Mr. Justice Peters, speaking for this court in People v. Bates, supra, and People v. Diggs (1958) 161 Cal. App. 2d 167 [326 P.2d 194], summarizes the applicable criteria. [3] In Bates he states: "The test is, did the officer have reasonable cause to make the arrest--would a reasonable man, possessing the information possessed by the officer, reasonably believe that the person involved had committed a felony? [4] This information may be, and usually is, evidence that would be hearsay on the issue of guilt. It may consist of information obtained from an informant known to the officer to be reliable and whom the officer in good faith believes to be trustworthy. (People v. Rixner, 157 Cal. App. 2d 387 [321 P.2d 91], and cases there cited.) In most cases the informant must not only be known to the officer, but the officer must have had sufficient dealings with the informant to give him reasonable cause to believe that the informant is reliable and that the information given by him is truthful. It is only in the case of a pressing emergency that an arrest or search without warrants may be justified based upon information secured from an anonymous informant, or from an informant not known to the officer to be reliable. (Willson v. Superior Court, 46 Cal. 2d 291 [294 P.2d 36].)" (163 Cal.App.2d at p. 851.) [5] In Diggs, the same author declares: "But if information is received from such an informant [not known to be reliable], and there are substantial corroborating facts known or discovered, the arrest and search are proper. [Citations.]" (161 Cal.App.2d at p. 171.)

We first determine whether, in the light of the above precepts, Officers Martin and Lawlor had reasonable cause on February 13 to arrest the defendant and to search his person and automobile. Initially our inquiry is independent of the legality of the searches of the defendant's hotel room made by the same two officers on February 6 and 8. We then propose to consider what effect, if any, such police conduct had on the ultimate arrest. [208 Cal. App. 2d 157]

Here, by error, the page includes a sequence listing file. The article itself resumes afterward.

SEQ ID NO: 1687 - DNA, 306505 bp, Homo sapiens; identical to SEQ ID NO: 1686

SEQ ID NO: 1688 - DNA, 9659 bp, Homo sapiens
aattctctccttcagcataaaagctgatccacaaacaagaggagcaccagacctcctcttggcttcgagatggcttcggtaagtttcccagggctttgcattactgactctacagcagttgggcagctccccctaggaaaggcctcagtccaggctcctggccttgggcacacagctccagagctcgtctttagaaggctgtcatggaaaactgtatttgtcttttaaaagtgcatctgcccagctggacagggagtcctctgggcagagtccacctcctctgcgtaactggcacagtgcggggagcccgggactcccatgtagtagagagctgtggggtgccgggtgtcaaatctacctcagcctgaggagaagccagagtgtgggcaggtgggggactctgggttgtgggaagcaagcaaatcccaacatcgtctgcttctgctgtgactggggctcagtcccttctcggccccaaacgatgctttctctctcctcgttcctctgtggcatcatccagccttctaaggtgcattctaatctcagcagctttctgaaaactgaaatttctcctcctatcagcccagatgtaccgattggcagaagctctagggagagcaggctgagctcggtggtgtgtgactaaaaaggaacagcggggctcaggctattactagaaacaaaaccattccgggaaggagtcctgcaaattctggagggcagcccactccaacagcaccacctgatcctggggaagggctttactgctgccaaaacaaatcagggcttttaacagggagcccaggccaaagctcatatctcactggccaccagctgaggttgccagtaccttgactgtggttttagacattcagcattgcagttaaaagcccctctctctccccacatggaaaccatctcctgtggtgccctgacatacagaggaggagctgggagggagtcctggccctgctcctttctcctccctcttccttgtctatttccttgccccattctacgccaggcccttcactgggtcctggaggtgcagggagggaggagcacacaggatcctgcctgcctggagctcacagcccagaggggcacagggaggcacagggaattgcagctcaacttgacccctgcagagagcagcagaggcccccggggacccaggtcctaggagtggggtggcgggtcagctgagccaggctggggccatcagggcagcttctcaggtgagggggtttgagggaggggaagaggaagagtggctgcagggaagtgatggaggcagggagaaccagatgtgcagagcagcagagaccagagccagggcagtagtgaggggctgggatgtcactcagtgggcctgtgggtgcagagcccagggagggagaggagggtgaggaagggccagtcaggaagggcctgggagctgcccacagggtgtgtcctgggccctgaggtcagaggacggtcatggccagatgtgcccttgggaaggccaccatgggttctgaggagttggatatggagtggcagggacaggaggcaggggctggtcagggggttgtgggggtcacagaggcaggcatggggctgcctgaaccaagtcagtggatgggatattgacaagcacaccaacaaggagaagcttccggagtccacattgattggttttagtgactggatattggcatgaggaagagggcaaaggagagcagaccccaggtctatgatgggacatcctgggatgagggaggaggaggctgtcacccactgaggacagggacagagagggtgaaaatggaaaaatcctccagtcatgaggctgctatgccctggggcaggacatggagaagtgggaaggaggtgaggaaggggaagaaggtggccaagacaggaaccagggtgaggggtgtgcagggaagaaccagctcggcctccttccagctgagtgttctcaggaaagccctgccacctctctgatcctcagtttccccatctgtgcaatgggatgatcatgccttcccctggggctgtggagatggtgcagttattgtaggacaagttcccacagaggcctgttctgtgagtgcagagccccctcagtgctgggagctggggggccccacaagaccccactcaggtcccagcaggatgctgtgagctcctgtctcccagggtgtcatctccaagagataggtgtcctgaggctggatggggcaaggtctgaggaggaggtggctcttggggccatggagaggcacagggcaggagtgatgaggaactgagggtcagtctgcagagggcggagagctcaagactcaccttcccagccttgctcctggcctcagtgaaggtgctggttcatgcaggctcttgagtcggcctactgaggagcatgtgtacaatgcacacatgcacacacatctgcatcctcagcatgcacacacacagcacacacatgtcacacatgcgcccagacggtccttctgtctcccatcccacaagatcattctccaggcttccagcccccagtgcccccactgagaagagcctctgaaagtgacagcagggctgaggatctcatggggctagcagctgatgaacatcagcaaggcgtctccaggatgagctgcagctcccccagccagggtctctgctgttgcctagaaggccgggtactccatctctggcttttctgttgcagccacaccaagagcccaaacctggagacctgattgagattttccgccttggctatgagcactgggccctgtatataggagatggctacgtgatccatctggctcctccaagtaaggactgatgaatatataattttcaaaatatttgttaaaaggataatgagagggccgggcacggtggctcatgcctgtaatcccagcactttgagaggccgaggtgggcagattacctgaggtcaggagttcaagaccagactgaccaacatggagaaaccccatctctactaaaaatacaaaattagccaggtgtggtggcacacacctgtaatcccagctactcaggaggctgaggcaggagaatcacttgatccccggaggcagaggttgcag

[6] In the instant case, the arresting officers first received information from Mrs. Murray, the hotel manager, that one Nicolas Santos and his wife had been living at the hotel for three days, that they had been receiving a large number of visitors, both Caucasian and oriental, and that some of the visitors were "unsavory characters." In addition, Mrs. Murray told the officers about overhearing a telephone conversation between the occupant of the hotel room and another person calling in, which, interpreting the jargon used, involved a discussion of two cans of marijuana for 15 dollars. This was the extent of Mrs. Murray's information. Before this time, the police had not known her and had never received from her any information about narcotics. Clearly she was not known to be a reliable informant. The record does not show, nor does the Attorney General claim, that "some pressing emergency" existed. Although it might arouse a strong suspicion, the information received would not of itself warrant an arrest or search. (See People v. Goodo, supra, 147 Cal. App. 2d 7.) But at the time of defendant's arrest, the officers had received additional information from Linda Melby. She admitted to them that she had smoked marijuana in Southern California and that her real husband had been arrested for marijuana. It would be reasonable for the officers to suspect that she might still be a user. She told them about the visit of the defendant, another woman and herself to the hotel across the street where some friends of the defendant had a quantity of marijuana spread out on a table. This incident connected the defendant more directly with marijuana and those who used or trafficked in it. It also occurred between February 3 and February 6, which was immediately before Mrs. Murray's call to the police and in some respect corroborated Mrs. Murray's conclusion about the kind of visitors the defendant was receiving. But more significantly, Linda Melby told the officers that, apparently during the same period of time, although it does not expressly so appear in the record, she heard the defendant receive a telephone call "pertaining to a couple of cans of marijuana" and heard a discussion by him of the sale of marijuana. This information corroborated Mrs. Murray's report of the telephone conversation and was some indication of her reliability as an informant. It is also worthy of note that the information which the police obtained from Linda Melby came from a person living with him in some close relationship. As a result, all of the above information from both informants was consistent. It explained the large number of defendant's [208 Cal. App. 2d 158] "unsavory" visitors. The officers were thus justified in entertaining a strong suspicion that the defendant was in some way involved in the narcotics traffic and in believing that a felony was being or had been committed, by the possession, sale or transportation of marijuana. We are satisfied that there is sufficient evidence supporting the trial court's finding of reasonable cause for the arrest.